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Climbing skills for tramping

Image of the June 2018 Wilderness Magazine Cover Read more from the
June 2018 Issue

These three simple moves help climbers scale steep rock faces, and trampers can use them to overcome small and large obstacles in their path.

Layback

This involves leaning or laying your body back as you move up. You pull on a surface with your hands (like a tree root or edge of a boulder), while your feet push against a surface. It’s called a layback because you lay or lean your body backwards or even sideways.

This allows the weight of your body to pull against your hands and push against your feet at the same time. Often there’s no platform or ledge for your feet, so when you lean back and press weight into your feet they will stay firm on the surface as your body moves up. This uses more than just gravity, but the push-pull action of your hands and feet to keep you on the surface.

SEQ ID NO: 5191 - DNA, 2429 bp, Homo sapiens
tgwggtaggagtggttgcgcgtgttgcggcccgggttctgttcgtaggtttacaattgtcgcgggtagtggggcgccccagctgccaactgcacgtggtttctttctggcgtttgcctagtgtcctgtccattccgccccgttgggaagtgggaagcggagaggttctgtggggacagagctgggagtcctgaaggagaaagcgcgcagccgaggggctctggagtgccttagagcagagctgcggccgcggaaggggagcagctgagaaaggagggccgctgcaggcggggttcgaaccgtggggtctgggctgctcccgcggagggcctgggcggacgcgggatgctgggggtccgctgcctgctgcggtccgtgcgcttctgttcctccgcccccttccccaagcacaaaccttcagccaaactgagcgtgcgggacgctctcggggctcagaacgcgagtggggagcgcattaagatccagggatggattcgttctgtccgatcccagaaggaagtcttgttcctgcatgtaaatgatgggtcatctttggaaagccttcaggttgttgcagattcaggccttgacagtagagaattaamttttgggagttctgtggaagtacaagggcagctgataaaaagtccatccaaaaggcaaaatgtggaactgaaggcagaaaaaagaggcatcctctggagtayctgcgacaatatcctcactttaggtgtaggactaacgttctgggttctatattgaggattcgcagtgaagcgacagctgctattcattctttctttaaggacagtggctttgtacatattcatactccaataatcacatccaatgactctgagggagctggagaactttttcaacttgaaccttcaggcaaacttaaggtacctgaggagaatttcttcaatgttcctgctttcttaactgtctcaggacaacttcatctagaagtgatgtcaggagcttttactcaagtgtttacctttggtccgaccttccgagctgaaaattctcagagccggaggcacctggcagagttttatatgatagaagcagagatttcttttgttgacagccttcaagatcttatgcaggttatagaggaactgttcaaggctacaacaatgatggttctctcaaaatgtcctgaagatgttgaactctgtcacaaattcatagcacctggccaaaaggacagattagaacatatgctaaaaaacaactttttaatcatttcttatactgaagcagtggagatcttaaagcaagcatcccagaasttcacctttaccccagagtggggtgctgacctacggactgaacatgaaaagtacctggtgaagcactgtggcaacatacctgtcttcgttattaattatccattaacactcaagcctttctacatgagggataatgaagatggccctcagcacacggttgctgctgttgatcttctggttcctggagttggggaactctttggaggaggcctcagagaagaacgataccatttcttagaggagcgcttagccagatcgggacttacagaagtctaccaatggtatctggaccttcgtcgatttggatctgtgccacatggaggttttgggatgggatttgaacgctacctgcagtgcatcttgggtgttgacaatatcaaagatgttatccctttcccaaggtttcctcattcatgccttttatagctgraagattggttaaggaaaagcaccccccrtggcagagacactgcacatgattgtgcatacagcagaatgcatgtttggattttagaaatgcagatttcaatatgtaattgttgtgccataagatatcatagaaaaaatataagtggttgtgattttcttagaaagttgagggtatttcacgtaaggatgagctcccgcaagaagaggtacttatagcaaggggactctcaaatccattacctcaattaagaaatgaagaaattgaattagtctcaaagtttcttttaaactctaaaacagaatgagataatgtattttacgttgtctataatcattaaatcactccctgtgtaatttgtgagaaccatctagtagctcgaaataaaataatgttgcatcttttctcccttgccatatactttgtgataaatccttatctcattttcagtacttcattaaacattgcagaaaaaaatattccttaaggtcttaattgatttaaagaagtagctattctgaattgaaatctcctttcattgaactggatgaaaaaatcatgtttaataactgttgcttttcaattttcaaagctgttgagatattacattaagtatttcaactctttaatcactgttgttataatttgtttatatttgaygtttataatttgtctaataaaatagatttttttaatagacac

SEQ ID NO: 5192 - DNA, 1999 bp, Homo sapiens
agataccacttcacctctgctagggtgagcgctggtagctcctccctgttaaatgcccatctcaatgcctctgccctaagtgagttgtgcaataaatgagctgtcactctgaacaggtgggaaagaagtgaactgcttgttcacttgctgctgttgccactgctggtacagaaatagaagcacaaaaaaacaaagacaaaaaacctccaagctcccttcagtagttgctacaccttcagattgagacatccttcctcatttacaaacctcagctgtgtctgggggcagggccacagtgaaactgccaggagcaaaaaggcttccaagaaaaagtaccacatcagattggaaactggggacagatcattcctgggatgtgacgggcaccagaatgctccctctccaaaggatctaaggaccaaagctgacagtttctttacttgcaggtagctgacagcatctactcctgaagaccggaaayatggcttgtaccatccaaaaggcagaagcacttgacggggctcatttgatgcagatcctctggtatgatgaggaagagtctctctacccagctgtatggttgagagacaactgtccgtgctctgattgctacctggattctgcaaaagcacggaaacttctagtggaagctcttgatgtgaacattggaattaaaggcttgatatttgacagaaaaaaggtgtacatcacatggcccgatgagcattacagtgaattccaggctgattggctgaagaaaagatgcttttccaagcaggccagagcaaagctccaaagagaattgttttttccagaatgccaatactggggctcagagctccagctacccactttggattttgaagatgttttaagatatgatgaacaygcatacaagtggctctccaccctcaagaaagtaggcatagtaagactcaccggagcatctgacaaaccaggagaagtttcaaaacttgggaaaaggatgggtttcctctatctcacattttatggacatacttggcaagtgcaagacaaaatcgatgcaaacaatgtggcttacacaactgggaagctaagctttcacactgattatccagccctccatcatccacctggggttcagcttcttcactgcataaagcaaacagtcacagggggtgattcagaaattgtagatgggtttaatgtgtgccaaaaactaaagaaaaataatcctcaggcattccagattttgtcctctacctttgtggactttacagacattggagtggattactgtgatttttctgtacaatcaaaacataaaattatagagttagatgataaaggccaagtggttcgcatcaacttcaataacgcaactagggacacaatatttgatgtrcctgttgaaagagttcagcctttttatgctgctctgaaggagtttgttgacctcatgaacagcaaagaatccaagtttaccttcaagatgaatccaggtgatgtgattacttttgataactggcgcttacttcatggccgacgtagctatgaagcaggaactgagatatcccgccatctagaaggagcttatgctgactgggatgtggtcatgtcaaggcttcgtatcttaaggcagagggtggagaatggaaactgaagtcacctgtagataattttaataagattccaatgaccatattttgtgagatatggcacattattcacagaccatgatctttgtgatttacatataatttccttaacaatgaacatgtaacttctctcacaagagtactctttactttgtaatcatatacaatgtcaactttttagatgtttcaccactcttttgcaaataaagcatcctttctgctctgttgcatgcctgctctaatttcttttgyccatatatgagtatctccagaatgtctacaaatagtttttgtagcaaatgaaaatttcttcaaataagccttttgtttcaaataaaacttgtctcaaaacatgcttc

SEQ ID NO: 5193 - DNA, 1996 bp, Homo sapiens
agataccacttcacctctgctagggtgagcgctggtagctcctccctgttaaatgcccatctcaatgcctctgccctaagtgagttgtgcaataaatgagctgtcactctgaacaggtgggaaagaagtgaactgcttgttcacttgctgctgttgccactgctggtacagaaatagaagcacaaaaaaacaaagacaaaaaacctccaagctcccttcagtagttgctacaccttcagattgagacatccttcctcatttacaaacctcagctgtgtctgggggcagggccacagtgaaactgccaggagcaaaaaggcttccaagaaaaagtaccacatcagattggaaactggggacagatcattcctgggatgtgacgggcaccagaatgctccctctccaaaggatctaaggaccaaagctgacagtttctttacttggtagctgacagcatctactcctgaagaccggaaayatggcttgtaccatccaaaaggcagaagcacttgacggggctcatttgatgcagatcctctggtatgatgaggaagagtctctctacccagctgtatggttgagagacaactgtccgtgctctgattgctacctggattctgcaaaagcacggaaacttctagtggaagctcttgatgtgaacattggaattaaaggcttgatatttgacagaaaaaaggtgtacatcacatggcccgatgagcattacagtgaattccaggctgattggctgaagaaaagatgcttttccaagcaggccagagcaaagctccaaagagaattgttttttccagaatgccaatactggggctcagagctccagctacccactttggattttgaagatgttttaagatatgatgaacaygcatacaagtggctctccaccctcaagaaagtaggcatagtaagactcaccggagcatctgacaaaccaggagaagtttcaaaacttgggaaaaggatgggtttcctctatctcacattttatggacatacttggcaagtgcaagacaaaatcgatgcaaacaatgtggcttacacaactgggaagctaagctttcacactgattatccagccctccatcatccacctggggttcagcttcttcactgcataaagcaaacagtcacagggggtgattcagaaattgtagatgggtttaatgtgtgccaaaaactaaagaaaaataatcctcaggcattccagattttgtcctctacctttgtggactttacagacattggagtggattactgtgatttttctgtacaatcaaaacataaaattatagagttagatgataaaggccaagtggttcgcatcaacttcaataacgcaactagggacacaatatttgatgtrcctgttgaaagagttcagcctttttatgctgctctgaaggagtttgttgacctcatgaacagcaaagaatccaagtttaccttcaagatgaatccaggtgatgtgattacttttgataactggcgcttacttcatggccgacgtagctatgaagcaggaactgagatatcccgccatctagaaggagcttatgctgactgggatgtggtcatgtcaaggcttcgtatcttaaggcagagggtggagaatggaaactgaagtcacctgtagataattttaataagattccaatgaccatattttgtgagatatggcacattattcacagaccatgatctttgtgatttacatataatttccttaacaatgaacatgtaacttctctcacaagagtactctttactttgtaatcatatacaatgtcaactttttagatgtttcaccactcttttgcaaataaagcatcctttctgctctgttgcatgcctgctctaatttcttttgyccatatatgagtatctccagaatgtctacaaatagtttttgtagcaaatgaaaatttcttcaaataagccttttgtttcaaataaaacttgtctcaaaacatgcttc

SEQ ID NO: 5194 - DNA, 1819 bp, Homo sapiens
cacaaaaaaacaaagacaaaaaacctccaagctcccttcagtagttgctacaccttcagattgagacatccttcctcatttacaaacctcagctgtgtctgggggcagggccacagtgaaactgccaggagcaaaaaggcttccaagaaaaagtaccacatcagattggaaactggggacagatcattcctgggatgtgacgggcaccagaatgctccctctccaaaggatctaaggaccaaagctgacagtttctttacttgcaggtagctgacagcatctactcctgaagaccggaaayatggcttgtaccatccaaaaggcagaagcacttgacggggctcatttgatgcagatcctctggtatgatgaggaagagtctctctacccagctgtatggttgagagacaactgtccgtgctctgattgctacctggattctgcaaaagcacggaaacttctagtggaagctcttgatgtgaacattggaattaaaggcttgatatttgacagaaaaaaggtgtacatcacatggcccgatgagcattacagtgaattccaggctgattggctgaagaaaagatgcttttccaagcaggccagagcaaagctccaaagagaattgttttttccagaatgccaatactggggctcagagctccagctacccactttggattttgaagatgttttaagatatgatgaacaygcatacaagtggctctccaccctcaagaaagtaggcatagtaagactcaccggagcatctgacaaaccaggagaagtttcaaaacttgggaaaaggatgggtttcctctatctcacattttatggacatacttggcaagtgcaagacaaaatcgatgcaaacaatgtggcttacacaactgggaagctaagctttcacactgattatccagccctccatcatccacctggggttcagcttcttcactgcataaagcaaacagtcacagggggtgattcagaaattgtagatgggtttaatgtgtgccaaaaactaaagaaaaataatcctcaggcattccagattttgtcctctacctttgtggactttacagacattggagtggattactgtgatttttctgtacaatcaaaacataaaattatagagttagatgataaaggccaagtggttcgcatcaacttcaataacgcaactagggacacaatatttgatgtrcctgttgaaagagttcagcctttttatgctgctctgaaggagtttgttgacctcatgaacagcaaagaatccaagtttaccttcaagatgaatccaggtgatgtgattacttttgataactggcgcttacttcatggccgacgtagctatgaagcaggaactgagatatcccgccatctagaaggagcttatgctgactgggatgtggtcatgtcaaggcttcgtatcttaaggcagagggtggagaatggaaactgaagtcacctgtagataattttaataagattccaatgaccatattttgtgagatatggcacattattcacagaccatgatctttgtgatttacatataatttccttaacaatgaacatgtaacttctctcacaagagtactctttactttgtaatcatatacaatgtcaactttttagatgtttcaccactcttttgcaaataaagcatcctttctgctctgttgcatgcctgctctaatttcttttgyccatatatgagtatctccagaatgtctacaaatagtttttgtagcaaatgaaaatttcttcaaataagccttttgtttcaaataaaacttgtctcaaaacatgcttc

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Bridging is useful on tracks that have lots of large tree trunks, downed logs or boulders and rocks. Photo: Megan Sety

Bridging

This is when you press your hands and feet on surfaces at your side or even behind you, to push your body up. This technique is particularly useful on tracks that have lots of large tree trunks, downed logs or boulders and rocks. In most cases, the surface that is pressed on is at your side or behind you. Bridging also works well when going down by pushing out sideways and lowering yourself.

When smearing, keep your heel lifted to put pressure on the ball of your foot. Photo: Tony Gazley

Smearing

Smearing is useful when the surface is slippery, or the rock is too steep for a flat foot. Get as much of the front of your boot into or onto the step as possible and keep your heel lifted to put extra pressure on the ball of your foot. As you step up, keep lifting your heel.